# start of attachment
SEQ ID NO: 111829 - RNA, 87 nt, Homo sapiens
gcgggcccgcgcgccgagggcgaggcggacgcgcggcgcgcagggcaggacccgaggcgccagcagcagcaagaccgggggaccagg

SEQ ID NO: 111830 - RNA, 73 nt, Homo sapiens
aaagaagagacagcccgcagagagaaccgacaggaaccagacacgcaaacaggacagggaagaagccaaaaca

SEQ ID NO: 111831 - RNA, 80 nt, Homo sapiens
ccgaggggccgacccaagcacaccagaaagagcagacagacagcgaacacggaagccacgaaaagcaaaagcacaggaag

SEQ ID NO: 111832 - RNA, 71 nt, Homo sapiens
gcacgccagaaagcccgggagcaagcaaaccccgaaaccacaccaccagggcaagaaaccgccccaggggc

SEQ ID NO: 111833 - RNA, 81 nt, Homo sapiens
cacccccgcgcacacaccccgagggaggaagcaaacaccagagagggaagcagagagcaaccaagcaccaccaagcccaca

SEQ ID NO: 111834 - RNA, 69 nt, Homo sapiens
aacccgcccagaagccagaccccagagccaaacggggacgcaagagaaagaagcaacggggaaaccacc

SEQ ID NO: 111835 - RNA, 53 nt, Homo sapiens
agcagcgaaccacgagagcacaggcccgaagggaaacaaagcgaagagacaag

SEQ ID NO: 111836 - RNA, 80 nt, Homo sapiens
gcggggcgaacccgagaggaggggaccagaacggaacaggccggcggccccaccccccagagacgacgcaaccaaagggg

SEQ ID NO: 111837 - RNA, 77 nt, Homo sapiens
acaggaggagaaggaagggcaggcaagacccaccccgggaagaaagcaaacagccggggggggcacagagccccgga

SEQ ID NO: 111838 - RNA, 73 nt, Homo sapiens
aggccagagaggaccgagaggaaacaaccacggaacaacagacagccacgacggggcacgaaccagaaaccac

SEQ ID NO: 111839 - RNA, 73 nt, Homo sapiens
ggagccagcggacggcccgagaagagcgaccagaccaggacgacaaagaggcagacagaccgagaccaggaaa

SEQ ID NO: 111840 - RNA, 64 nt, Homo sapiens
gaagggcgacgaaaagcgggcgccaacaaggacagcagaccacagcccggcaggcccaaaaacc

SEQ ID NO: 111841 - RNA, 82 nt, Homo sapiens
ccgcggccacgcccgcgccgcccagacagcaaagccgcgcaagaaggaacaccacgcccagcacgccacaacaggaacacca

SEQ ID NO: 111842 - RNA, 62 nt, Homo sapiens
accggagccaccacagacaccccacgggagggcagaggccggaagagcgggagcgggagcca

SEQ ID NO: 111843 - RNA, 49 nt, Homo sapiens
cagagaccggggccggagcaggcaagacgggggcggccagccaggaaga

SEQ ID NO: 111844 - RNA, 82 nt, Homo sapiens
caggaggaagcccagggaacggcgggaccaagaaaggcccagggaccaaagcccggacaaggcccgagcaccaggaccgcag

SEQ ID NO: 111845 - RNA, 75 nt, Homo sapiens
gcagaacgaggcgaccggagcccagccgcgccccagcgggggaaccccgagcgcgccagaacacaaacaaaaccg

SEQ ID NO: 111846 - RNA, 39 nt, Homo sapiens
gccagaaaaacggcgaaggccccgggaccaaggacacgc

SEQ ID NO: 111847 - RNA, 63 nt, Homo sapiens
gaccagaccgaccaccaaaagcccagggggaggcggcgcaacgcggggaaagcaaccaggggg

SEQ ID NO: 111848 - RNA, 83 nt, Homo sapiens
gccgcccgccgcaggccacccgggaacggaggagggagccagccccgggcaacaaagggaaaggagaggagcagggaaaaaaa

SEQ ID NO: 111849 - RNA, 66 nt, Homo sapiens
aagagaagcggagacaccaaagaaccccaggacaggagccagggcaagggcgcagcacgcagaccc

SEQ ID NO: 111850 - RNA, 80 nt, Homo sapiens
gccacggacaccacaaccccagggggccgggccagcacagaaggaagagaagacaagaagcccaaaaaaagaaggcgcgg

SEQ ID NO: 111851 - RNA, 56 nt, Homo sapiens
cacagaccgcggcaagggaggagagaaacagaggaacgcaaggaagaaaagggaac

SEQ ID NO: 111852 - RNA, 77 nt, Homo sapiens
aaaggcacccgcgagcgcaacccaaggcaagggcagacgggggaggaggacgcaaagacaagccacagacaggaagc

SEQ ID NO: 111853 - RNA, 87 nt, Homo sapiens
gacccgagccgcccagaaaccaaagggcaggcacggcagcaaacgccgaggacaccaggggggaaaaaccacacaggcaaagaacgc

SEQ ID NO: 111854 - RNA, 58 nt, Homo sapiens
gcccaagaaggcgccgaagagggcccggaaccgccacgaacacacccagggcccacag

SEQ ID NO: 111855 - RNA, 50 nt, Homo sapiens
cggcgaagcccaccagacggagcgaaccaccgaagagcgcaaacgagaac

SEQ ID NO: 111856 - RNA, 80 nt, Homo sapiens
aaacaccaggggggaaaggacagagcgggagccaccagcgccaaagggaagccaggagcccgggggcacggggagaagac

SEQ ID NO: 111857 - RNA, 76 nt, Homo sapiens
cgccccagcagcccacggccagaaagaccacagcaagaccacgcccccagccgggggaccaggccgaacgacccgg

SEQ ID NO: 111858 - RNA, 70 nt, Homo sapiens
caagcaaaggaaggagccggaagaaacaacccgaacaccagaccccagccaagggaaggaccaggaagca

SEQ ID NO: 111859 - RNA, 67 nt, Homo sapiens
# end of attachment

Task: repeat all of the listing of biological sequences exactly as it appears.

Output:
SEQ ID NO: 111829 - RNA, 87 nt, Homo sapiens
gcgggcccgcgcgccgagggcgaggcggacgcgcggcgcgcagggcaggacccgaggcgccagcagcagcaagaccgggggaccagg

SEQ ID NO: 111830 - RNA, 73 nt, Homo sapiens
aaagaagagacagcccgcagagagaaccgacaggaaccagacacgcaaacaggacagggaagaagccaaaaca

SEQ ID NO: 111831 - RNA, 80 nt, Homo sapiens
ccgaggggccgacccaagcacaccagaaagagcagacagacagcgaacacggaagccacgaaaagcaaaagcacaggaag

SEQ ID NO: 111832 - RNA, 71 nt, Homo sapiens
gcacgccagaaagcccgggagcaagcaaaccccgaaaccacaccaccagggcaagaaaccgccccaggggc

SEQ ID NO: 111833 - RNA, 81 nt, Homo sapiens
cacccccgcgcacacaccccgagggaggaagcaaacaccagagagggaagcagagagcaaccaagcaccaccaagcccaca

SEQ ID NO: 111834 - RNA, 69 nt, Homo sapiens
aacccgcccagaagccagaccccagagccaaacggggacgcaagagaaagaagcaacggggaaaccacc

SEQ ID NO: 111835 - RNA, 53 nt, Homo sapiens
agcagcgaaccacgagagcacaggcccgaagggaaacaaagcgaagagacaag

SEQ ID NO: 111836 - RNA, 80 nt, Homo sapiens
gcggggcgaacccgagaggaggggaccagaacggaacaggccggcggccccaccccccagagacgacgcaaccaaagggg

SEQ ID NO: 111837 - RNA, 77 nt, Homo sapiens
acaggaggagaaggaagggcaggcaagacccaccccgggaagaaagcaaacagccggggggggcacagagccccgga

SEQ ID NO: 111838 - RNA, 73 nt, Homo sapiens
aggccagagaggaccgagaggaaacaaccacggaacaacagacagccacgacggggcacgaaccagaaaccac

SEQ ID NO: 111839 - RNA, 73 nt, Homo sapiens
ggagccagcggacggcccgagaagagcgaccagaccaggacgacaaagaggcagacagaccgagaccaggaaa

SEQ ID NO: 111840 - RNA, 64 nt, Homo sapiens
gaagggcgacgaaaagcgggcgccaacaaggacagcagaccacagcccggcaggcccaaaaacc

SEQ ID NO: 111841 - RNA, 82 nt, Homo sapiens
ccgcggccacgcccgcgccgcccagacagcaaagccgcgcaagaaggaacaccacgcccagcacgccacaacaggaacacca

SEQ ID NO: 111842 - RNA, 62 nt, Homo sapiens
accggagccaccacagacaccccacgggagggcagaggccggaagagcgggagcgggagcca

SEQ ID NO: 111843 - RNA, 49 nt, Homo sapiens
cagagaccggggccggagcaggcaagacgggggcggccagccaggaaga

SEQ ID NO: 111844 - RNA, 82 nt, Homo sapiens
caggaggaagcccagggaacggcgggaccaagaaaggcccagggaccaaagcccggacaaggcccgagcaccaggaccgcag

SEQ ID NO: 111845 - RNA, 75 nt, Homo sapiens
gcagaacgaggcgaccggagcccagccgcgccccagcgggggaaccccgagcgcgccagaacacaaacaaaaccg

SEQ ID NO: 111846 - RNA, 39 nt, Homo sapiens
gccagaaaaacggcgaaggccccgggaccaaggacacgc

SEQ ID NO: 111847 - RNA, 63 nt, Homo sapiens
gaccagaccgaccaccaaaagcccagggggaggcggcgcaacgcggggaaagcaaccaggggg

SEQ ID NO: 111848 - RNA, 83 nt, Homo sapiens
gccgcccgccgcaggccacccgggaacggaggagggagccagccccgggcaacaaagggaaaggagaggagcagggaaaaaaa

SEQ ID NO: 111849 - RNA, 66 nt, Homo sapiens
aagagaagcggagacaccaaagaaccccaggacaggagccagggcaagggcgcagcacgcagaccc

SEQ ID NO: 111850 - RNA, 80 nt, Homo sapiens
gccacggacaccacaaccccagggggccgggccagcacagaaggaagagaagacaagaagcccaaaaaaagaaggcgcgg

SEQ ID NO: 111851 - RNA, 56 nt, Homo sapiens
cacagaccgcggcaagggaggagagaaacagaggaacgcaaggaagaaaagggaac

SEQ ID NO: 111852 - RNA, 77 nt, Homo sapiens
aaaggcacccgcgagcgcaacccaaggcaagggcagacgggggaggaggacgcaaagacaagccacagacaggaagc

SEQ ID NO: 111853 - RNA, 87 nt, Homo sapiens
gacccgagccgcccagaaaccaaagggcaggcacggcagcaaacgccgaggacaccaggggggaaaaaccacacaggcaaagaacgc

SEQ ID NO: 111854 - RNA, 58 nt, Homo sapiens
gcccaagaaggcgccgaagagggcccggaaccgccacgaacacacccagggcccacag

SEQ ID NO: 111855 - RNA, 50 nt, Homo sapiens
cggcgaagcccaccagacggagcgaaccaccgaagagcgcaaacgagaac

SEQ ID NO: 111856 - RNA, 80 nt, Homo sapiens
aaacaccaggggggaaaggacagagcgggagccaccagcgccaaagggaagccaggagcccgggggcacggggagaagac

SEQ ID NO: 111857 - RNA, 76 nt, Homo sapiens
cgccccagcagcccacggccagaaagaccacagcaagaccacgcccccagccgggggaccaggccgaacgacccgg

SEQ ID NO: 111858 - RNA, 70 nt, Homo sapiens
caagcaaaggaaggagccggaagaaacaacccgaacaccagaccccagccaagggaaggaccaggaagca

SEQ ID NO: 111859 - RNA, 67 nt, Homo sapiens